Swansea City head coach Paul Clement has defended top scorer Fernando Llorente following criticism of the striker's work ethic.
A Match of the Day graphic showed Llorente sprinted less than 20 metres in Saturday's 1-0 defeat at Watford.
Clement revealed the Spaniard was not fully fit and said that, according to Swansea's data analysts, Llorente sprinted "zero metres" at Watford.
"He's not that kind of player," said Clement.
He continued: "If I want a player up there sprinting, running in behind all the time, it would not be Fernando.
"Having spoken to him after the game - it's too late after the game - but he didn't feel at his best and that's obviously had an impact on the way he played.
"They [Match of the Day] are taking their data from one source but our data is from the GPS unit - players wear them in the back of their shirts.
"It's very difficult to look at physical statistics in isolation. The most Fernando has done in a game since I've been here is 65 metres sprinting.
"He needs to be in the right place at the right time, he needs the right service, he needs to help us link play so we can build it up through the pitch and he is determined to do that."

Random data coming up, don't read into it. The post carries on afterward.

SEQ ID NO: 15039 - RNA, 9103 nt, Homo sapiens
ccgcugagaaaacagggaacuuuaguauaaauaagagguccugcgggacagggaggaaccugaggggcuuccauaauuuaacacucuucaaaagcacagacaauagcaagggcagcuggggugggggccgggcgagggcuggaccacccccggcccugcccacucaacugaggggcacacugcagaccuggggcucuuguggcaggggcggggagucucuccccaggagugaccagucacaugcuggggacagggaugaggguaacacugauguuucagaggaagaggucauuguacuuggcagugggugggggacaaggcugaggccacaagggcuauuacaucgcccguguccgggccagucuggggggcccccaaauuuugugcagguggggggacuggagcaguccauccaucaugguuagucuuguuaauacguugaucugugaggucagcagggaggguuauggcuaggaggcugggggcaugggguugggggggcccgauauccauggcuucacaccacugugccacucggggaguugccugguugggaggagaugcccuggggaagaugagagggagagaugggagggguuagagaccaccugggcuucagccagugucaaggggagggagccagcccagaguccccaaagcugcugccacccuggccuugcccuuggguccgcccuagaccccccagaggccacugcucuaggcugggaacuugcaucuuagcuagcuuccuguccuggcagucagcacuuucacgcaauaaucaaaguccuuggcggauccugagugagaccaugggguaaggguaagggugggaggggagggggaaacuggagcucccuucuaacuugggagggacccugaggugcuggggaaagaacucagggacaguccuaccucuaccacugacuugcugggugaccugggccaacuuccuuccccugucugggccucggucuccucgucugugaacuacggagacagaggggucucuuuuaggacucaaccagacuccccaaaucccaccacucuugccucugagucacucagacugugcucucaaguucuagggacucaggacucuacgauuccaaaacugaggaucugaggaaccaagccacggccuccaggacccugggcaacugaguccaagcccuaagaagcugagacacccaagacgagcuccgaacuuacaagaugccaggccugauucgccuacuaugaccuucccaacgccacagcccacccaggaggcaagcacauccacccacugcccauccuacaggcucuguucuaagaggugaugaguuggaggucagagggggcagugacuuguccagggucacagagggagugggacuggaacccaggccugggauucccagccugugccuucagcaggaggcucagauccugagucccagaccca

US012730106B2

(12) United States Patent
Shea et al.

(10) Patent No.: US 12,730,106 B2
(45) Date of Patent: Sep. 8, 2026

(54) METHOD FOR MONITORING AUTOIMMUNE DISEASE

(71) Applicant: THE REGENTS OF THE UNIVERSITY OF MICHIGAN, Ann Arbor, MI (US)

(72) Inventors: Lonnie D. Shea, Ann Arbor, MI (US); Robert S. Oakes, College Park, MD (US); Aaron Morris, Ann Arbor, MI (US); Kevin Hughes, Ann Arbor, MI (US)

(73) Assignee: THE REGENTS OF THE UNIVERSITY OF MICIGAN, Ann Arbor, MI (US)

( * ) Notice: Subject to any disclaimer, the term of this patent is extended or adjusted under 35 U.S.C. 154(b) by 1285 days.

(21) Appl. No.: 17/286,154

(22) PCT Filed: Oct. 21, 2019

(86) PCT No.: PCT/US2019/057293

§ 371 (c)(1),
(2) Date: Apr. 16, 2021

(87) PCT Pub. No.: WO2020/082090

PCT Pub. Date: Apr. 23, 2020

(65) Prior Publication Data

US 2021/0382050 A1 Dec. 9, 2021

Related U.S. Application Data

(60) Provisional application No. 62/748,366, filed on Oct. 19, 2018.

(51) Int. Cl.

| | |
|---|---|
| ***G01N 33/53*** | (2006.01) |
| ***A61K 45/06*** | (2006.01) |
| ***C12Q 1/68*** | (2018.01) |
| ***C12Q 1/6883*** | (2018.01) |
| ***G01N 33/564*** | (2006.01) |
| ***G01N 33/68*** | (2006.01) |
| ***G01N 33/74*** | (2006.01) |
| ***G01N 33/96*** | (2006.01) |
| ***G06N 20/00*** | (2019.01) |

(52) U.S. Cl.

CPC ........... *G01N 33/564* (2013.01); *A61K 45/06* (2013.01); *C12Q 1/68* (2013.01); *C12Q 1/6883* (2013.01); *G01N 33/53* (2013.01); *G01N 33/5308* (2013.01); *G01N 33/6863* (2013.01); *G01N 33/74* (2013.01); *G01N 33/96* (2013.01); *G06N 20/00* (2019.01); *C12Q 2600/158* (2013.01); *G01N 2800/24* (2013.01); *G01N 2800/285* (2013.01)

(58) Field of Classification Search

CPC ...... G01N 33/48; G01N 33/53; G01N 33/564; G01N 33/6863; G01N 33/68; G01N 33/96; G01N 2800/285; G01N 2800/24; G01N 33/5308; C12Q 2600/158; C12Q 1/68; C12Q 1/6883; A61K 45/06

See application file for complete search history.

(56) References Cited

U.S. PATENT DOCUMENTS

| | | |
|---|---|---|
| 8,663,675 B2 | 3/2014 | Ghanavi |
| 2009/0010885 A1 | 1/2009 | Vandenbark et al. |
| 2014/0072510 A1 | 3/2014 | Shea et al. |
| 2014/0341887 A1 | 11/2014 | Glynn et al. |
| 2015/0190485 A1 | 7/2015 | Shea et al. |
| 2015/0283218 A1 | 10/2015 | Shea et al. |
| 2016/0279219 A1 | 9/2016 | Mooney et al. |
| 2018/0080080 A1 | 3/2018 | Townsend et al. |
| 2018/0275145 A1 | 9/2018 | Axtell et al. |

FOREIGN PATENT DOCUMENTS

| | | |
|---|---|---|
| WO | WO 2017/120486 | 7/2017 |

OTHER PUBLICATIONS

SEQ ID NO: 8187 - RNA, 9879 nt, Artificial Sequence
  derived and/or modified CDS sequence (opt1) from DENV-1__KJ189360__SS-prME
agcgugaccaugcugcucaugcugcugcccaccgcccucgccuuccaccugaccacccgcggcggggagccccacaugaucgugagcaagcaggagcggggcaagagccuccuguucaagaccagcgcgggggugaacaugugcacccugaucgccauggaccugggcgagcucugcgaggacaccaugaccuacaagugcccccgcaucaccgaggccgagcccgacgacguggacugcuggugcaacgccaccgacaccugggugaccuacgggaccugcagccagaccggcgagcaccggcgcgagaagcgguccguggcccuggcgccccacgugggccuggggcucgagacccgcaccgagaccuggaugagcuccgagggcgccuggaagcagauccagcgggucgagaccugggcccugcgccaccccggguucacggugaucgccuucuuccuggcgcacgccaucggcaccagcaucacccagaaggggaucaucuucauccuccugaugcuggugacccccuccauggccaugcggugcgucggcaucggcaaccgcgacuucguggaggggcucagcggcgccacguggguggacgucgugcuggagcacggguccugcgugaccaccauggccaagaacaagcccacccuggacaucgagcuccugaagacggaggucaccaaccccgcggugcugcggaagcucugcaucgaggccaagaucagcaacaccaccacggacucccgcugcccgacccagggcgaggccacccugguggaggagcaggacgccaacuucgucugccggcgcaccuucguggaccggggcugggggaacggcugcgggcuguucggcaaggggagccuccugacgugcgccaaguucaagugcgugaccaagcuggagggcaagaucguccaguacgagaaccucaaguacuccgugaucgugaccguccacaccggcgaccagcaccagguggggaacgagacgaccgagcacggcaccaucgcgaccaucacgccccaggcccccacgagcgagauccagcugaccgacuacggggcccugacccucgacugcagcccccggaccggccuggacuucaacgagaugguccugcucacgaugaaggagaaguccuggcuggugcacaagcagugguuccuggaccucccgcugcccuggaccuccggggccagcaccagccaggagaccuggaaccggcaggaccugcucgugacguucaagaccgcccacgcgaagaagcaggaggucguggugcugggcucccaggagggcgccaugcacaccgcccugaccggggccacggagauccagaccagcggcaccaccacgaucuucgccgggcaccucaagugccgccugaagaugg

Speaking on Match of the Day, former England midfielder Frank Lampard suggested Llorente's body language was negative at Watford.
The defeat was Swansea's fifth in six games, leaving them in the Premier League relegation zone and two points adrift of safety.
The Spain international forward was returning from injury at Vicarage Road and, after confirming he would be fit to face Stoke on Saturday, Clement defended Llorente against the insinuation he does not care.
"People show their emotions in all different ways," said the former Bayern Munich assistant manager.
"That figure [sprinting] would not have been mentioned if we had won the game or played better. The figure he hit at Liverpool, when he scored two goals and he won away, was zero metres sprinting.
"People show their emotions in all different ways. There's no way people can know what's going on inside of me when I'm on the side of the pitch, how I'm feeling. It's the same for any of the players."